Retreat One of The NZ Leadership Programme was completely unexpected. This is what I expected:
- Powerpoint presentations
- Awkward ice breakers
- Group projects
I also expected I would:
- Drink too much coffee
- Awkwardly make half-hearted conversation with the other participants
- Listen in a daze to the speaker and watch them roll out beautiful slides
- Think about how I would apply the learning with increasing anxiety
This is not at all what we got. (I did drink too much coffee, but that was a personal choice).
Instead, we talked about the essential but invisible world of human connection; a fitting theme for the first retreat of a programme founded in part on peer coaching.
To my surprise and delight, within hours we were having real, authentic conversations with each other, and I was already having ‘lightbulb’ moments thanks to the excellent speakers.
The schedule was demanding; I woke up at 4:30am to catch my flight on the first day, and three very full days later I collapsed in a jelly-like heap of new thoughts, new friendships, new realisations about myself, and a genuine excitement for what the year will bring. I then poured all those jelly-like thoughts into the ears of my patient partner - and I’m sure I made no sense at all.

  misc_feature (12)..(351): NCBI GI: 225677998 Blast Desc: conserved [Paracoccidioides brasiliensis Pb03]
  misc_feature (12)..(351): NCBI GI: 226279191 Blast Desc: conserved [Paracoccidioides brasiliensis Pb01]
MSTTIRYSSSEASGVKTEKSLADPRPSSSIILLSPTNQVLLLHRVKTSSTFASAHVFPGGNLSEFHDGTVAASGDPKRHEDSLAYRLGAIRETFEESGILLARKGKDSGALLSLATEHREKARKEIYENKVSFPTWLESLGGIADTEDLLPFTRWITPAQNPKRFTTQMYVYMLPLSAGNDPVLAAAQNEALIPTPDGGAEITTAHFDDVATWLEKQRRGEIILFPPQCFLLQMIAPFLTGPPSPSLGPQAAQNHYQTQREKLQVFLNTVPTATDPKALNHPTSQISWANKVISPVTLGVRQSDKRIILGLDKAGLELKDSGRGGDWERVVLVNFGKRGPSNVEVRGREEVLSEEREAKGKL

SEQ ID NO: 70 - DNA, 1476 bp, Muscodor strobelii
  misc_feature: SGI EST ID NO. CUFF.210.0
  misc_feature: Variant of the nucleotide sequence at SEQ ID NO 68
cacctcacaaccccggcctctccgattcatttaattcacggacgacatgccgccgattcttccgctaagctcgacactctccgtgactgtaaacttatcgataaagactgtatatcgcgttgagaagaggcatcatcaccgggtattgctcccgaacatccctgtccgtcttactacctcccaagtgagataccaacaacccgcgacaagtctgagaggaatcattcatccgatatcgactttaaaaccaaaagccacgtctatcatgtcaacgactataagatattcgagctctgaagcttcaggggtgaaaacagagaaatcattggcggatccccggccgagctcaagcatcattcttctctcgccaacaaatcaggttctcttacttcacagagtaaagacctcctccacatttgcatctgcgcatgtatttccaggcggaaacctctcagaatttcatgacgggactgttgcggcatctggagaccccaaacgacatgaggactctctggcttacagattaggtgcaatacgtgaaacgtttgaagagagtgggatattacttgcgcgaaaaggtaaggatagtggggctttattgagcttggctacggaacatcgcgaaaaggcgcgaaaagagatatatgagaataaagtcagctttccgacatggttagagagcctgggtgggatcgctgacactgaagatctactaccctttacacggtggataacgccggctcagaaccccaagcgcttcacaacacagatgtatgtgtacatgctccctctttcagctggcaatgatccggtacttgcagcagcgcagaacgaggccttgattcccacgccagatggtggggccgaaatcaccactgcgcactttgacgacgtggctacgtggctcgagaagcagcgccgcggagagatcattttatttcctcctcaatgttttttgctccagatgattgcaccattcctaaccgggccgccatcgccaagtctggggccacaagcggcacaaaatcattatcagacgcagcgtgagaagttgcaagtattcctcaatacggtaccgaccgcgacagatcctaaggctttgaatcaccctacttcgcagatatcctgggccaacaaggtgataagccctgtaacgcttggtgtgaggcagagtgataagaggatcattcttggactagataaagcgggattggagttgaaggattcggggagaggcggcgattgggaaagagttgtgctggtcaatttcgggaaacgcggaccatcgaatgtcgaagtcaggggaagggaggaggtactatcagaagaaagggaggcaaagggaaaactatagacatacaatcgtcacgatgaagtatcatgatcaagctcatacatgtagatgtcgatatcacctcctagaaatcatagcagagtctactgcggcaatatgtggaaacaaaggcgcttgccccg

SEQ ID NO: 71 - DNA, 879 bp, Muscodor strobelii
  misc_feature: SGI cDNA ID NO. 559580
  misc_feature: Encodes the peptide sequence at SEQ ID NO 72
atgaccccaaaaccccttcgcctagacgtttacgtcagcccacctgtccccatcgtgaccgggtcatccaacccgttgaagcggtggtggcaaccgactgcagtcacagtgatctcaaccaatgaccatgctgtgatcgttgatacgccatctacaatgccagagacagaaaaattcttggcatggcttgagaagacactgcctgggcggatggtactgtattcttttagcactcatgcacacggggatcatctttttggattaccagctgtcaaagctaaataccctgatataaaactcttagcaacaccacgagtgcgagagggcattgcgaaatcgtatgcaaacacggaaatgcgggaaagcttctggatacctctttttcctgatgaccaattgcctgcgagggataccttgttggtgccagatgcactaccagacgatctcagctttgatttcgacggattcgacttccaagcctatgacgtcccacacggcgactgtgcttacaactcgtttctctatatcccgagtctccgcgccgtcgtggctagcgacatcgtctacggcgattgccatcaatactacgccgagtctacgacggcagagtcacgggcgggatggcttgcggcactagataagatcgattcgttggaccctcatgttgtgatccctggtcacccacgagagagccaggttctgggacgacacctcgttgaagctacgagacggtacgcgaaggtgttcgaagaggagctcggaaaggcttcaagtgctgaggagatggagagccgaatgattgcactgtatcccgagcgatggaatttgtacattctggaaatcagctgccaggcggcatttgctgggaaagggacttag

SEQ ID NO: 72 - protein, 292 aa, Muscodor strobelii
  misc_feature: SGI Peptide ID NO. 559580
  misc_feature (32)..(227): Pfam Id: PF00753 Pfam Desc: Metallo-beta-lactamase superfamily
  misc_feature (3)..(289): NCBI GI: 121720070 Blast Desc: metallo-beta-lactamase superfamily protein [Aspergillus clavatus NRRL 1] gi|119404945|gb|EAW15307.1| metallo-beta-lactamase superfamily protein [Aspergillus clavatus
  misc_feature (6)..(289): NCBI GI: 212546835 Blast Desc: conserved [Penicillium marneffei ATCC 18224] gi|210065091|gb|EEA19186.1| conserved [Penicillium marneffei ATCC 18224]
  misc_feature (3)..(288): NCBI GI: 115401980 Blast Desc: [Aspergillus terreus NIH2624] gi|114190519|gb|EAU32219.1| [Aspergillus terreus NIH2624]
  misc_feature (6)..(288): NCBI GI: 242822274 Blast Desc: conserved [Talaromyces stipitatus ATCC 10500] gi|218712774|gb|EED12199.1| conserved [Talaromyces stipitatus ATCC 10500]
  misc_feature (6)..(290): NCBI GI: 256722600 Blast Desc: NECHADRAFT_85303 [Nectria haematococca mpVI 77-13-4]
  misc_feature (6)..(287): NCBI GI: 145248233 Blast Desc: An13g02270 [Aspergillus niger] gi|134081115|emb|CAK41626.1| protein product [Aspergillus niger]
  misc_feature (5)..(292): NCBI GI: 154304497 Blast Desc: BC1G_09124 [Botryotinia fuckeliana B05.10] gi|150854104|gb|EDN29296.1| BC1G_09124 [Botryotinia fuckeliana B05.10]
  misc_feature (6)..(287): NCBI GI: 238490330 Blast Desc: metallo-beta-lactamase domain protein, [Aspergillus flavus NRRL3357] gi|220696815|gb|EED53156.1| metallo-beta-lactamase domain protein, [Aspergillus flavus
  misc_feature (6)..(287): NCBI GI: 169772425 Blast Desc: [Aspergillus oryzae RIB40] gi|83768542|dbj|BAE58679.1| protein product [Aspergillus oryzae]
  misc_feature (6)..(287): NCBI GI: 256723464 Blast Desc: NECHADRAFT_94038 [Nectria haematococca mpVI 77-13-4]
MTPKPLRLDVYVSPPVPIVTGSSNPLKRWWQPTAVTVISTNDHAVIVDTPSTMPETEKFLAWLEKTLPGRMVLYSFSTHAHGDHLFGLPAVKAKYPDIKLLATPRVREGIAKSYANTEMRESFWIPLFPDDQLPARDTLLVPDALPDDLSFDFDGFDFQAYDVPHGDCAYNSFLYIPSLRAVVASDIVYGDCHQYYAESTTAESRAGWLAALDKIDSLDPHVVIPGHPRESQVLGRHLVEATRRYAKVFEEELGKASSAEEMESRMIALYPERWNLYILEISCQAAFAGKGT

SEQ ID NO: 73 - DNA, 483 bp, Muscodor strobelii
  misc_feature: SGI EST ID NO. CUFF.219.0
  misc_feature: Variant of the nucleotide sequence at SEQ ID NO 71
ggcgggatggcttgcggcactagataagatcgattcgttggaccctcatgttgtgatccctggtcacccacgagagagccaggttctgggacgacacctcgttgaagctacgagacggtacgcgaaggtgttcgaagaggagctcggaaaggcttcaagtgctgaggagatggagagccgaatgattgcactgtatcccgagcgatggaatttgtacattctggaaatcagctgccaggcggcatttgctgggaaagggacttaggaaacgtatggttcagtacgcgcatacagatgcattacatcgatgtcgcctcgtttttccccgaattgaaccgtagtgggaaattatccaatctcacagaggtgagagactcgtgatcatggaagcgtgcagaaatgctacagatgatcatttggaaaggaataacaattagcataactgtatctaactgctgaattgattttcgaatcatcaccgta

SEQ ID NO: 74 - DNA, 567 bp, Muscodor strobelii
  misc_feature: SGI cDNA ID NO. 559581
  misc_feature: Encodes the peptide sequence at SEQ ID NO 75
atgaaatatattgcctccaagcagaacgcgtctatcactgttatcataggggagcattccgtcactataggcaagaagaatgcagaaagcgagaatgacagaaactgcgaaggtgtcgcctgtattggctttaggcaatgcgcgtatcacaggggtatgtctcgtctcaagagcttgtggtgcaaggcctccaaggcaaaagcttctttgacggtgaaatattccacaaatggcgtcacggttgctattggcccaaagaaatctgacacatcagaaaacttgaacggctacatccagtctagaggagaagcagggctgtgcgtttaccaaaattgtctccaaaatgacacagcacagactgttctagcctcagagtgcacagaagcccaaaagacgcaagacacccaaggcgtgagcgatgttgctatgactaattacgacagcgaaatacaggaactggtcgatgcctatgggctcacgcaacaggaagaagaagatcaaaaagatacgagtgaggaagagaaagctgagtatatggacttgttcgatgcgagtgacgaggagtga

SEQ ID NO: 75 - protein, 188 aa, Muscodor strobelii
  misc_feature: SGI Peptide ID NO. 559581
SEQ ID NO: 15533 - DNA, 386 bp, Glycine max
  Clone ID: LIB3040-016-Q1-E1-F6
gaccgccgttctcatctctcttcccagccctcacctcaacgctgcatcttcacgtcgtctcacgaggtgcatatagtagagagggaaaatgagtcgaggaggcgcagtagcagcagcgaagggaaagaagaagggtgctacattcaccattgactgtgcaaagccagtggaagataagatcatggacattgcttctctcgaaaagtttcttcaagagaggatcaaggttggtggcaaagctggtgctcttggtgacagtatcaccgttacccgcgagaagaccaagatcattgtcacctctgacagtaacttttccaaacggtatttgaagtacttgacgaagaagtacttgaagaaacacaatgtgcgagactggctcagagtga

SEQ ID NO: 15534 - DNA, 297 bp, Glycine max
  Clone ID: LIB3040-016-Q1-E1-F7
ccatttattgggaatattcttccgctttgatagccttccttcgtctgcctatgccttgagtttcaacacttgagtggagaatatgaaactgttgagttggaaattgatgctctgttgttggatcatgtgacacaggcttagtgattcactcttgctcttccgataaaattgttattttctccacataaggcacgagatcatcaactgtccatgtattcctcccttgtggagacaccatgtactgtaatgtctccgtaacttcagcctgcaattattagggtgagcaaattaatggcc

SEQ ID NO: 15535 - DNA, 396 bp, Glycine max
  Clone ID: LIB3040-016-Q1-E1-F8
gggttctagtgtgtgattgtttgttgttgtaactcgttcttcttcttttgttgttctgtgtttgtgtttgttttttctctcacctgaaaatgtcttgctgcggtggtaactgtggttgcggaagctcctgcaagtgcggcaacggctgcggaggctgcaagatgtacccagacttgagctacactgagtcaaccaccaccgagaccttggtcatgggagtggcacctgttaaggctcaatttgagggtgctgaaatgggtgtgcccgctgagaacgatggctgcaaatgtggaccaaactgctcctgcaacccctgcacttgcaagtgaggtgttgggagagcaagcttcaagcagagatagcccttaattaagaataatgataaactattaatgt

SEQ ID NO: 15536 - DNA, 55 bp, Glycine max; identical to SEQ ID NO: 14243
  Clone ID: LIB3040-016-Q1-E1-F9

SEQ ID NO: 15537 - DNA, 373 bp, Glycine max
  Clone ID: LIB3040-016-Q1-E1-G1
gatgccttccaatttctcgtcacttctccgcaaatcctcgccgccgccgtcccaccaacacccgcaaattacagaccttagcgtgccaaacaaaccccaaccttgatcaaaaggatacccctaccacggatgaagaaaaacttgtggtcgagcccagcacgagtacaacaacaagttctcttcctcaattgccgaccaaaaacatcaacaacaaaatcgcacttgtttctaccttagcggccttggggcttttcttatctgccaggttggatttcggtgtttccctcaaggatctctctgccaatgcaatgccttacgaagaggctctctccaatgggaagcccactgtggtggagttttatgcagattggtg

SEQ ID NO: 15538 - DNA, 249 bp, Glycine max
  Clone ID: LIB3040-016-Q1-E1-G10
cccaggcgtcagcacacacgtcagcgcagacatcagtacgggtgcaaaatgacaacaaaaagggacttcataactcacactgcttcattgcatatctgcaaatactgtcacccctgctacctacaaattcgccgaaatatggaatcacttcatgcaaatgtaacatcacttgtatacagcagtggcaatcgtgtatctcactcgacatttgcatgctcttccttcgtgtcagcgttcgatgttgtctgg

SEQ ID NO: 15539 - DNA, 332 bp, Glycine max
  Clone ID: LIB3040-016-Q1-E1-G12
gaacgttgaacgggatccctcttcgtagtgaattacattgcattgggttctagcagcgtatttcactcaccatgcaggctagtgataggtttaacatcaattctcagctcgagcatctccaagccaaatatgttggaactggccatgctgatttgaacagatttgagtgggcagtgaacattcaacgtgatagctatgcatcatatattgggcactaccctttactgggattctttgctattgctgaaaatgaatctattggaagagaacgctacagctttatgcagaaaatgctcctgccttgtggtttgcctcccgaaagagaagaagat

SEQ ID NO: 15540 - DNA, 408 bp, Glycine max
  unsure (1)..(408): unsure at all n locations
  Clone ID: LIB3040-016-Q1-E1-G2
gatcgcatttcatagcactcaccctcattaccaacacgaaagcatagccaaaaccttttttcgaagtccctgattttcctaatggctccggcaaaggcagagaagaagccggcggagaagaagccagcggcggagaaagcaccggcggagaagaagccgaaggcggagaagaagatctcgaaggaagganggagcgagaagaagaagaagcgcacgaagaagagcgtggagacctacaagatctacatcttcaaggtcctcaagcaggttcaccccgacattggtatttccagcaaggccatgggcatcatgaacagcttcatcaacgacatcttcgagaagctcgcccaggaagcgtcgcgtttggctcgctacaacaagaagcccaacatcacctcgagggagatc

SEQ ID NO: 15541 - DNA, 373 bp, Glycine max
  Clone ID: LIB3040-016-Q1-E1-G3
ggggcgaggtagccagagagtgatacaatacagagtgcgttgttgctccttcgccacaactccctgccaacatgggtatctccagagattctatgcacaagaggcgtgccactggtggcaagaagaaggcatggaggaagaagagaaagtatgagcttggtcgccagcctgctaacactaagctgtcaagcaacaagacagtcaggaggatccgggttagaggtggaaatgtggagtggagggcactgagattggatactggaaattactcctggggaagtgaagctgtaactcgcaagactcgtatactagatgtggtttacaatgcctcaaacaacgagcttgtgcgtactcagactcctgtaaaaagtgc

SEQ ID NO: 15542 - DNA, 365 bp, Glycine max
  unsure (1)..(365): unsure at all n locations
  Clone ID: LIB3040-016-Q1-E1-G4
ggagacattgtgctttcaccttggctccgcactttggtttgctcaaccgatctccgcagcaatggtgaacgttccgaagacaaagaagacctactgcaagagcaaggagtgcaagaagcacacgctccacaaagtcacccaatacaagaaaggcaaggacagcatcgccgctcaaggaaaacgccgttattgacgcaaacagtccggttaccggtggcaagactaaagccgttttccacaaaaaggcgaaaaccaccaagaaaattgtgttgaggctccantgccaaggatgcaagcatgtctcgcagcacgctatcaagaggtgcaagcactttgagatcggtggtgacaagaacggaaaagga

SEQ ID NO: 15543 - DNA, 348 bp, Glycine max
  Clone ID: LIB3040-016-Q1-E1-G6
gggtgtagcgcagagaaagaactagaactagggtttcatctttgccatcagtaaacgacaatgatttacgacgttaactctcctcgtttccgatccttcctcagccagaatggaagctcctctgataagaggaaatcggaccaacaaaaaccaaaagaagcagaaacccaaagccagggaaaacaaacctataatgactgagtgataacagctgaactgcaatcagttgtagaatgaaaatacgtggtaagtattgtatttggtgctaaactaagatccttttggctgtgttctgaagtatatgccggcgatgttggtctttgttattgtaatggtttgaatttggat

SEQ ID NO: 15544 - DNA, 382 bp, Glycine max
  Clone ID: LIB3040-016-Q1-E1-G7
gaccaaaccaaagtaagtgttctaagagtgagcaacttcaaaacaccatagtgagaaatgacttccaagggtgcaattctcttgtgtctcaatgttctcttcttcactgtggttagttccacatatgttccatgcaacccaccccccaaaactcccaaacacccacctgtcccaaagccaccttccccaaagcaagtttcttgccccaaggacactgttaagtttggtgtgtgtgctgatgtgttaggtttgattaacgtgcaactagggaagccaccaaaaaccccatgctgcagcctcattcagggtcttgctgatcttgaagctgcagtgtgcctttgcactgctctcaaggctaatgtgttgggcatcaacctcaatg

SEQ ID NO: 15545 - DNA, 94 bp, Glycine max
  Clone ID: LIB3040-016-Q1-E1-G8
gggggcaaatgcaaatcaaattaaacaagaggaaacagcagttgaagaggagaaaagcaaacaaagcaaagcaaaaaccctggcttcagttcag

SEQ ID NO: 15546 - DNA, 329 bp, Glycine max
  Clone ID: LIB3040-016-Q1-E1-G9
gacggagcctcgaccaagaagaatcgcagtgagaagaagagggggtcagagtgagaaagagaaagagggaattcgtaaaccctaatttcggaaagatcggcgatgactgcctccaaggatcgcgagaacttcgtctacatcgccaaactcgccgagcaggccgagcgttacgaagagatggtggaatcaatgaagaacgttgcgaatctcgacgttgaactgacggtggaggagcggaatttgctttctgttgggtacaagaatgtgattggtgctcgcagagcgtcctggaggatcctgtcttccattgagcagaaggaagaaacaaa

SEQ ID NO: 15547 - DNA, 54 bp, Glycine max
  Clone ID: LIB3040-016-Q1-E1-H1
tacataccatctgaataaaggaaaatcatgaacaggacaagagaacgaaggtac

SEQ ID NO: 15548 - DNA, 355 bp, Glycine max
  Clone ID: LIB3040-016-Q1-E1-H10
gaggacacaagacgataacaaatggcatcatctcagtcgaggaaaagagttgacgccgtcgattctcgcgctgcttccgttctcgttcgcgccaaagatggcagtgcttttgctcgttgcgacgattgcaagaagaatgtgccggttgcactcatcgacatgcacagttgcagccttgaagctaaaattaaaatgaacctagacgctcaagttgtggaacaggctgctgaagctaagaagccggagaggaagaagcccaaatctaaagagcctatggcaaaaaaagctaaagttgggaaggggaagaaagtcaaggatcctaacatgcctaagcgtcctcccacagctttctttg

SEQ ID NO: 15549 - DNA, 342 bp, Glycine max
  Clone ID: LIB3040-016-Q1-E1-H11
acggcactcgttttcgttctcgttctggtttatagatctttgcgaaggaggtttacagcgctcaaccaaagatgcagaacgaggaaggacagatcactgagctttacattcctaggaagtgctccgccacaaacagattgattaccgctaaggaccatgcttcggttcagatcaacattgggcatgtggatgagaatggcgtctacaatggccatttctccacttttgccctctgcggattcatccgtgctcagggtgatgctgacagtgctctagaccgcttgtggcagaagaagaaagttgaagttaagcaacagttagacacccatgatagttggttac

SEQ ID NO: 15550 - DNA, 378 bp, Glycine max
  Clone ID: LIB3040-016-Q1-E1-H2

But the next week, things started to make sense. I was changing. I had a challenging situation at work: I used what I’d learned. I took on a project with a new confidence. I saw the world in ways I had never seen before.
Yesterday I listened to Hidden Brain (one of my favourite podcasts), and the guest speaker used an excellent analogy that applies perfectly to this retreat: Imagine analysing a piece of music. You start, like a scientist, with its component parts. You have an A sharp, E, some Cs and so on. But if you tried to smash those notes together you’d have just sound; you’d have nothing. What’s missing is the silence. The pauses between the notes link them together into one coherent whole.
It would be completely understandable (for those amateur music lovers like myself) to think of music as just a lot of notes strung together. Likewise, it would be easy to think of leadership training as a lot of individual strangers learning a lot in the same general vicinity.
But this would be missing the essential part of the music: the invisible space that connects us is what turns a lot of individual notes into your favourite song.
Written by Elena Noyes, Manager - Investment Services, Creative New Zealand.